“Out of my distress I called on the Lord; the Lord answered me and set me free.” Psalm 118:5
Recently my son has taken a liking to motocross. His days are spent searching YouTube for the latest stunts and whatever bag of tricks he can conjure up along the way. Ramps are built out of everything from rocks and mud to those of more notable materials such as Kevlar. Keeping both wheels on the pavement has no lure and catching air is just the beginning. The wind, the speed and for a brief moment, a feeling of flying, play vital roles in rousing another ride. The confines of this earth have no grip. There is no tether, and he feels free.
Having a handful of friends that ride professionally, I ask the same question and I am met with a similar response. I have learned the 40-foot jumps and double backflips appearing seamless on Tv come at a grave cost. Executing the perfect Volt is every rider’s dream and holds no restraint. Despite the dangers, this holy grail entices each closer and closer to the edge.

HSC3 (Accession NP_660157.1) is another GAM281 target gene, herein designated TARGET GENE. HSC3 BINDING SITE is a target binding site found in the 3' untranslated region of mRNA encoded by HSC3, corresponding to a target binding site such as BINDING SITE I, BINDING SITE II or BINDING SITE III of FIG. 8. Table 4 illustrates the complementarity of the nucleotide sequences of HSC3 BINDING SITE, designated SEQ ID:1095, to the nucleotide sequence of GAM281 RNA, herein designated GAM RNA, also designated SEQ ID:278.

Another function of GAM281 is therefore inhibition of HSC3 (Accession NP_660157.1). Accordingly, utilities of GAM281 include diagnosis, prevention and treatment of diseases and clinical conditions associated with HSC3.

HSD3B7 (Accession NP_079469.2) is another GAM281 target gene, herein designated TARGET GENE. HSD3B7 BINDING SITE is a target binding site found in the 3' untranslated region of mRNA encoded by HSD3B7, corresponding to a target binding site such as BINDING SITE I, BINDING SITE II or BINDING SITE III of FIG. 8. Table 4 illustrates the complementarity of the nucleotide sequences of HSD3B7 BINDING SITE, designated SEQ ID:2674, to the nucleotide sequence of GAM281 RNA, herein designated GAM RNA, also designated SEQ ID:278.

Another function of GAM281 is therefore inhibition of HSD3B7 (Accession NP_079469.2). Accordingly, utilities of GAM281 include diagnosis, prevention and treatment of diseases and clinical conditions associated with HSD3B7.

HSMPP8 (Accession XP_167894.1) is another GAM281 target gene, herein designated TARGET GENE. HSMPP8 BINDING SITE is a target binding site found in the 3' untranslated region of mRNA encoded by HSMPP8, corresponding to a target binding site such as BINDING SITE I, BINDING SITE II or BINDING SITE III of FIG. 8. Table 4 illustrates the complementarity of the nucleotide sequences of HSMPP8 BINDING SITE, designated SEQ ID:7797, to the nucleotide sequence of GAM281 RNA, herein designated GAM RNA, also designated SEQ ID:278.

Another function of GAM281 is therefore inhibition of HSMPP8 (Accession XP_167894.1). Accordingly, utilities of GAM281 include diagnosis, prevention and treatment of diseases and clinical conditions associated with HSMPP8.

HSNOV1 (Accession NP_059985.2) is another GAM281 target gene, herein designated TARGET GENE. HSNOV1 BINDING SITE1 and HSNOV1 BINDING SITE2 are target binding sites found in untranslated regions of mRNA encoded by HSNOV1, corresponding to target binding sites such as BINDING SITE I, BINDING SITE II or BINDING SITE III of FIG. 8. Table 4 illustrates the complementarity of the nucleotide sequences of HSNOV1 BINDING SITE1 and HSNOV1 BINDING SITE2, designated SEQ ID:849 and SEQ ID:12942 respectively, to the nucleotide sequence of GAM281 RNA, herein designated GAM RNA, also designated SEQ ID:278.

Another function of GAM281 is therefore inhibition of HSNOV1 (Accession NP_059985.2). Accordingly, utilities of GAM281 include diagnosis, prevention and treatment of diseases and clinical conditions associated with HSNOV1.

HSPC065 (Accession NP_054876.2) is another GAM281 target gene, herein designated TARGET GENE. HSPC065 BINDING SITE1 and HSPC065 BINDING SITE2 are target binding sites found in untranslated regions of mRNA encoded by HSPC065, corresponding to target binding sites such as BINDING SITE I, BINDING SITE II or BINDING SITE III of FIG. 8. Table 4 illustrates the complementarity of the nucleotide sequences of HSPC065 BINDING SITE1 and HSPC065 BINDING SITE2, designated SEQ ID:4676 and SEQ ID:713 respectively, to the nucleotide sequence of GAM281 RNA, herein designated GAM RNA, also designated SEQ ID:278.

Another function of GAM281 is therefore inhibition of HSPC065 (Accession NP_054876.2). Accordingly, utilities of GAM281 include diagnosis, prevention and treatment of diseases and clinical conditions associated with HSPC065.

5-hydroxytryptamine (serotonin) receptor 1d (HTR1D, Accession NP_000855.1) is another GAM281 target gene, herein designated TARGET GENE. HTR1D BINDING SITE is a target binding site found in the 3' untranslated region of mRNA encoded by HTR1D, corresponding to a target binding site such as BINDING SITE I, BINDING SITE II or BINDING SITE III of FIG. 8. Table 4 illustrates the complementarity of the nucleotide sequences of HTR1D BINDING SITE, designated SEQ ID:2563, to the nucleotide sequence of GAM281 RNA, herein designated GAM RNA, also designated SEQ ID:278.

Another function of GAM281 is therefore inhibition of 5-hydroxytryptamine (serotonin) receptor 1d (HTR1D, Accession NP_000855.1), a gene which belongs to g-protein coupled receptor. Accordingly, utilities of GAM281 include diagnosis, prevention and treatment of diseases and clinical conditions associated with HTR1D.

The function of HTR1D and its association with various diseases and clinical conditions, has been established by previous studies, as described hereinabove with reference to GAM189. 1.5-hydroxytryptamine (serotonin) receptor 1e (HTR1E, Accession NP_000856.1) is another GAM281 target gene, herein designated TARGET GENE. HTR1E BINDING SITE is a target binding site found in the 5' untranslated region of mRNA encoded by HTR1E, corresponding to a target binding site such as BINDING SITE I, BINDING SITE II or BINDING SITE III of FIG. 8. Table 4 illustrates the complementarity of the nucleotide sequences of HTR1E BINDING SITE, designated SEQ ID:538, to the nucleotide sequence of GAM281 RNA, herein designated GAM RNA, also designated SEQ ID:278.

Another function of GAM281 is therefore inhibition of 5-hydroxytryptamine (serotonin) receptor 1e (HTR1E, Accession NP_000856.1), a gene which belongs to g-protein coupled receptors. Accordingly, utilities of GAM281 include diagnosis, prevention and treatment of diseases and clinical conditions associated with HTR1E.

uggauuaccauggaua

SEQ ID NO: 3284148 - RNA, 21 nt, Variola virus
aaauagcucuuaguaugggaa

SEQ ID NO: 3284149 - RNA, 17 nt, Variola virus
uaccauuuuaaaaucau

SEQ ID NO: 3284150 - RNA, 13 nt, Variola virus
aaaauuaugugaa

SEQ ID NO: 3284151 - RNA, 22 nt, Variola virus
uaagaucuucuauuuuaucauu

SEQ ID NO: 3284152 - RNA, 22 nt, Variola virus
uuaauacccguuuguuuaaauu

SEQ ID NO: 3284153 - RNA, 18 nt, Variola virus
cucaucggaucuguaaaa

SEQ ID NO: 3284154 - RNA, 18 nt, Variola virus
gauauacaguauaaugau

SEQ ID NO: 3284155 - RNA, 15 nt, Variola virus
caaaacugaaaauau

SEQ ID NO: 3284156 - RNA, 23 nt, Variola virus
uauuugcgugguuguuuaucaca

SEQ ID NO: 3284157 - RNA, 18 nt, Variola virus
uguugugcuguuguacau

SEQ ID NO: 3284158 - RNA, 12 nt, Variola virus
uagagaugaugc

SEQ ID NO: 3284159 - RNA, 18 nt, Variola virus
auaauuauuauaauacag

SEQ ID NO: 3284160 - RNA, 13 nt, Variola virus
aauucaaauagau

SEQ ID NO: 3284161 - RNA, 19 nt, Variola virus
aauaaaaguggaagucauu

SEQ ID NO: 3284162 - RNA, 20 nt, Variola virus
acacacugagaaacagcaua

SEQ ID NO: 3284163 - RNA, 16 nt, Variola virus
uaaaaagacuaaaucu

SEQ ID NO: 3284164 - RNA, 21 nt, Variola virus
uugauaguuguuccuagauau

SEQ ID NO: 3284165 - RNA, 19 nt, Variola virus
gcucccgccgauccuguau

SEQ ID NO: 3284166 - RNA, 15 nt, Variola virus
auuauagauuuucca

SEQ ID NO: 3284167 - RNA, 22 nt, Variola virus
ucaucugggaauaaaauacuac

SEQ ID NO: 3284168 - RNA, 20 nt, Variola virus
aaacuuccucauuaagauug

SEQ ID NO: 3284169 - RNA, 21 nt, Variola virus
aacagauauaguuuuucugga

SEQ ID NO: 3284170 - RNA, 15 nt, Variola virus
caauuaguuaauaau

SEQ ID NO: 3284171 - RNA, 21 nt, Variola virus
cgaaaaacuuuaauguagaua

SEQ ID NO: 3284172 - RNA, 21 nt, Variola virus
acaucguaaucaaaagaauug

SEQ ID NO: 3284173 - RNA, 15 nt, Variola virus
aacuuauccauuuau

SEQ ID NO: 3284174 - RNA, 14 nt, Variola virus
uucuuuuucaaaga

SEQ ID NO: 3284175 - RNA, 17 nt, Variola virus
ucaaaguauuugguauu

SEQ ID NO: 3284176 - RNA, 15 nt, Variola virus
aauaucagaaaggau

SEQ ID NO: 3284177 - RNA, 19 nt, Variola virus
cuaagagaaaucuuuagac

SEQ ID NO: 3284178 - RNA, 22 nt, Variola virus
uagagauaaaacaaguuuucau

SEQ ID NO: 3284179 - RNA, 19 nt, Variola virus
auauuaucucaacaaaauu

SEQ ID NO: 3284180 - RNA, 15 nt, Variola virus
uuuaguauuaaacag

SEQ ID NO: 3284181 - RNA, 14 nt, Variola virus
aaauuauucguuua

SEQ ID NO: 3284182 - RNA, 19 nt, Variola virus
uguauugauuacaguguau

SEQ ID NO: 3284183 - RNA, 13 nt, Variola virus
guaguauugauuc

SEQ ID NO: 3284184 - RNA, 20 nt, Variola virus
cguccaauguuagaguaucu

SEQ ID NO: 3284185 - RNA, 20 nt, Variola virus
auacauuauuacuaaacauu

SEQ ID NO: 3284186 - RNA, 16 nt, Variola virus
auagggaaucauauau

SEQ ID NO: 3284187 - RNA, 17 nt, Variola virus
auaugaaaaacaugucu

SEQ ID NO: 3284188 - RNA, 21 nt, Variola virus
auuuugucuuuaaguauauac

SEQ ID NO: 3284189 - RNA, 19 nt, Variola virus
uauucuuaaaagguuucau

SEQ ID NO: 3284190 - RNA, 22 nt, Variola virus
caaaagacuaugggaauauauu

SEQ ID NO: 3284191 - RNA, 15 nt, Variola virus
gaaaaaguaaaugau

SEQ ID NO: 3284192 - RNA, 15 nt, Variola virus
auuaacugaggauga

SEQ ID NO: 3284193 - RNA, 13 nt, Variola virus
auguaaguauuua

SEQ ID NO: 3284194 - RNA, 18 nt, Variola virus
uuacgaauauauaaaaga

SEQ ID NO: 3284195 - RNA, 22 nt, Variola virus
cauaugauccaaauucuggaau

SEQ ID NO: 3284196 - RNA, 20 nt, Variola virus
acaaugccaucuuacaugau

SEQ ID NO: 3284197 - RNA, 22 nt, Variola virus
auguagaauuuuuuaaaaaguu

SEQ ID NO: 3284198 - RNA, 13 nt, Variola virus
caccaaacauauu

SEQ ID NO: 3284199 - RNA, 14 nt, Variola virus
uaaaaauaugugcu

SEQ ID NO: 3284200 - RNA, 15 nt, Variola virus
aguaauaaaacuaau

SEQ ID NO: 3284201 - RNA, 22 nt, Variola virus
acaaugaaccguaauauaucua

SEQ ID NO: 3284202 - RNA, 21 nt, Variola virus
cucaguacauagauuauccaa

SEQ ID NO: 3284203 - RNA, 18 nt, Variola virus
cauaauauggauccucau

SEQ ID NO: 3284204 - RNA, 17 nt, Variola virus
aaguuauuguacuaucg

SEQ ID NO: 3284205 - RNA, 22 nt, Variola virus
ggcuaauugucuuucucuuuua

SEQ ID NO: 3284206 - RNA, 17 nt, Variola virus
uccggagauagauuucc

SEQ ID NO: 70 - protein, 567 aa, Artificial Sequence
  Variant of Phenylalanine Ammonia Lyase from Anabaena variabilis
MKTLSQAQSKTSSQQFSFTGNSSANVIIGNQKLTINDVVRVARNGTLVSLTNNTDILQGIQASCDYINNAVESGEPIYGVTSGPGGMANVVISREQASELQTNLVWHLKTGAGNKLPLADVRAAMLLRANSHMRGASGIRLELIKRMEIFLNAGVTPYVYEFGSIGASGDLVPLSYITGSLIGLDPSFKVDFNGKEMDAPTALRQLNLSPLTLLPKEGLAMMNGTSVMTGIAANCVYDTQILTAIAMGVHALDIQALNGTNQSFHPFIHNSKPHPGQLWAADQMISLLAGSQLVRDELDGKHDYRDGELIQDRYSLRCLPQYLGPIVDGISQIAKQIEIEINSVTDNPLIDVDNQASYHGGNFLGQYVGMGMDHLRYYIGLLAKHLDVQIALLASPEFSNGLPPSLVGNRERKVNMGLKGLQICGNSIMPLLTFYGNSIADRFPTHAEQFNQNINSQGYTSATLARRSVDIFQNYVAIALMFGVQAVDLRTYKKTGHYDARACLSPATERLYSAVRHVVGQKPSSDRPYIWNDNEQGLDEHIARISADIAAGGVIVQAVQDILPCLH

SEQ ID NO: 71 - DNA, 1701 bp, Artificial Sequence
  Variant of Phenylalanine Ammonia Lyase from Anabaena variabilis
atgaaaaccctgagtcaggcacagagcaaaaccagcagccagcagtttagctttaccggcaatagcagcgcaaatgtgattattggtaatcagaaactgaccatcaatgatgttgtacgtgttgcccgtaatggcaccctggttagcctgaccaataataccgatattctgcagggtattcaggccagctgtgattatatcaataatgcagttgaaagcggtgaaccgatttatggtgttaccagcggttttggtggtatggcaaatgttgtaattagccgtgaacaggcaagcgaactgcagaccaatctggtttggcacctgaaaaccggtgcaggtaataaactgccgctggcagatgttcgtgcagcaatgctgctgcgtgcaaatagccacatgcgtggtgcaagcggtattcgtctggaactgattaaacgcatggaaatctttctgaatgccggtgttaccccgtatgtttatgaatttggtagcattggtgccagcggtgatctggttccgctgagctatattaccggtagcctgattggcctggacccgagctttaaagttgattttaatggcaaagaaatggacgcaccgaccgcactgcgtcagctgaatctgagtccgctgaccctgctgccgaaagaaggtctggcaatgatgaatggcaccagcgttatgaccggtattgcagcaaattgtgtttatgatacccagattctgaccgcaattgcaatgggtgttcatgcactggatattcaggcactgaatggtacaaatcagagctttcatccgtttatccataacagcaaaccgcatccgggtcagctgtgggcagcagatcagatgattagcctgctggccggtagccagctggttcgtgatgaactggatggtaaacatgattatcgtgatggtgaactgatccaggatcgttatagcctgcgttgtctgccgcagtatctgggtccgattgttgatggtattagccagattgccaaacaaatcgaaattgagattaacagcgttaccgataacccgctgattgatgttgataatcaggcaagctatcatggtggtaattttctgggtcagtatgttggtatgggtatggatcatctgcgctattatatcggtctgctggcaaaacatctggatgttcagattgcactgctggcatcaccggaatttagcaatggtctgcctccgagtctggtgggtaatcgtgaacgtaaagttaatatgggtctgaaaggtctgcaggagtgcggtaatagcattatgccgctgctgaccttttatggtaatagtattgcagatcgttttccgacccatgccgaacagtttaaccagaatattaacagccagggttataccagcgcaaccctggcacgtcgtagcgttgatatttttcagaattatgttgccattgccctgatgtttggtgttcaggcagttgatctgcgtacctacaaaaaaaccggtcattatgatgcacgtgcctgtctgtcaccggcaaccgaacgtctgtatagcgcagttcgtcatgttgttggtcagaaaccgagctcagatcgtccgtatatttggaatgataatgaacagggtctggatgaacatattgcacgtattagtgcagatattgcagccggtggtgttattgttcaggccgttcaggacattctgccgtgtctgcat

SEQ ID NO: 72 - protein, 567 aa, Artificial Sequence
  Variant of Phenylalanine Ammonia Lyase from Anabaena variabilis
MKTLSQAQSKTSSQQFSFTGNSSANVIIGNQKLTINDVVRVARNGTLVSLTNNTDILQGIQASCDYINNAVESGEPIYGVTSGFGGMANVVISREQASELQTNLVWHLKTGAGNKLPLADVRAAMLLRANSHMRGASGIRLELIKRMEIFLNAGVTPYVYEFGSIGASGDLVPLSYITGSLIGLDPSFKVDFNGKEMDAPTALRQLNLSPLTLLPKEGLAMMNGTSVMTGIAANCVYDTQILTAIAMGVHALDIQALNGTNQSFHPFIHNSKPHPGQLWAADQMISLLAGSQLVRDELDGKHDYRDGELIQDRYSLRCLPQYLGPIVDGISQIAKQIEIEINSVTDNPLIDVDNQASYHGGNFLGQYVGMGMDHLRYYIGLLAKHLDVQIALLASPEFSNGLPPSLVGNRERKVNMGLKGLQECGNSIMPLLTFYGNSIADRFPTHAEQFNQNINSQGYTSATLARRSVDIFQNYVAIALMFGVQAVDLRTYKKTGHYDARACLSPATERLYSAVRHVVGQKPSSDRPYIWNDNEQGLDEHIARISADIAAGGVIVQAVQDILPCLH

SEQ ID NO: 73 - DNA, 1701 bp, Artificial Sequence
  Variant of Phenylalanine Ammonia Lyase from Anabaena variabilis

What is missed however by those watching the spectacle from the comfort of their living room, are the instruments screaming doubt from below. A broken collar bone, paralysis and other debilitating injuries wail imminent failure. These voices can be deafening and will prevent many from unlocking their potential. Most riders will remain grounded and avert any version of freedom from fruition.
I too have peered over this edge a few times. There is something both appealing and not about the view. At this height the air alone is invigorating to the lungs and the panoramic scene cuts the deceiving anchor line. The haunting question of what’s out there leaves me cognizant of my decision to stand fast or jump. But the jagged rocks below remind me of the foolish choice it could be, and the cry of paralysis suppresses any wonder of what life may look like in the unknown.
And then it happens. It’s the bright light in the field to the shepherds. Is the changing of water to wine. It’s the 12 leftover baskets and the casting out of demons. It is sight returning to the blind, the cure for leprosy and the fever reducer. Lazarus is alive, a withered hand is restored, the sea is calm, and the tomb is empty. And just as I turn away from the ledge to the safety of solid ground a roar from heaven exclaims “Me!”
Be encouraged brothers and sisters. The serpent’s head has been crushed, death has been abolished and paradise awaits. Our troubles are light and momentary and a reminder that God will be with us until the end of age stands as justification enough to leave the incarceration behind and sample the liberty offered on the other side. From personal experience, only then will you truly be free.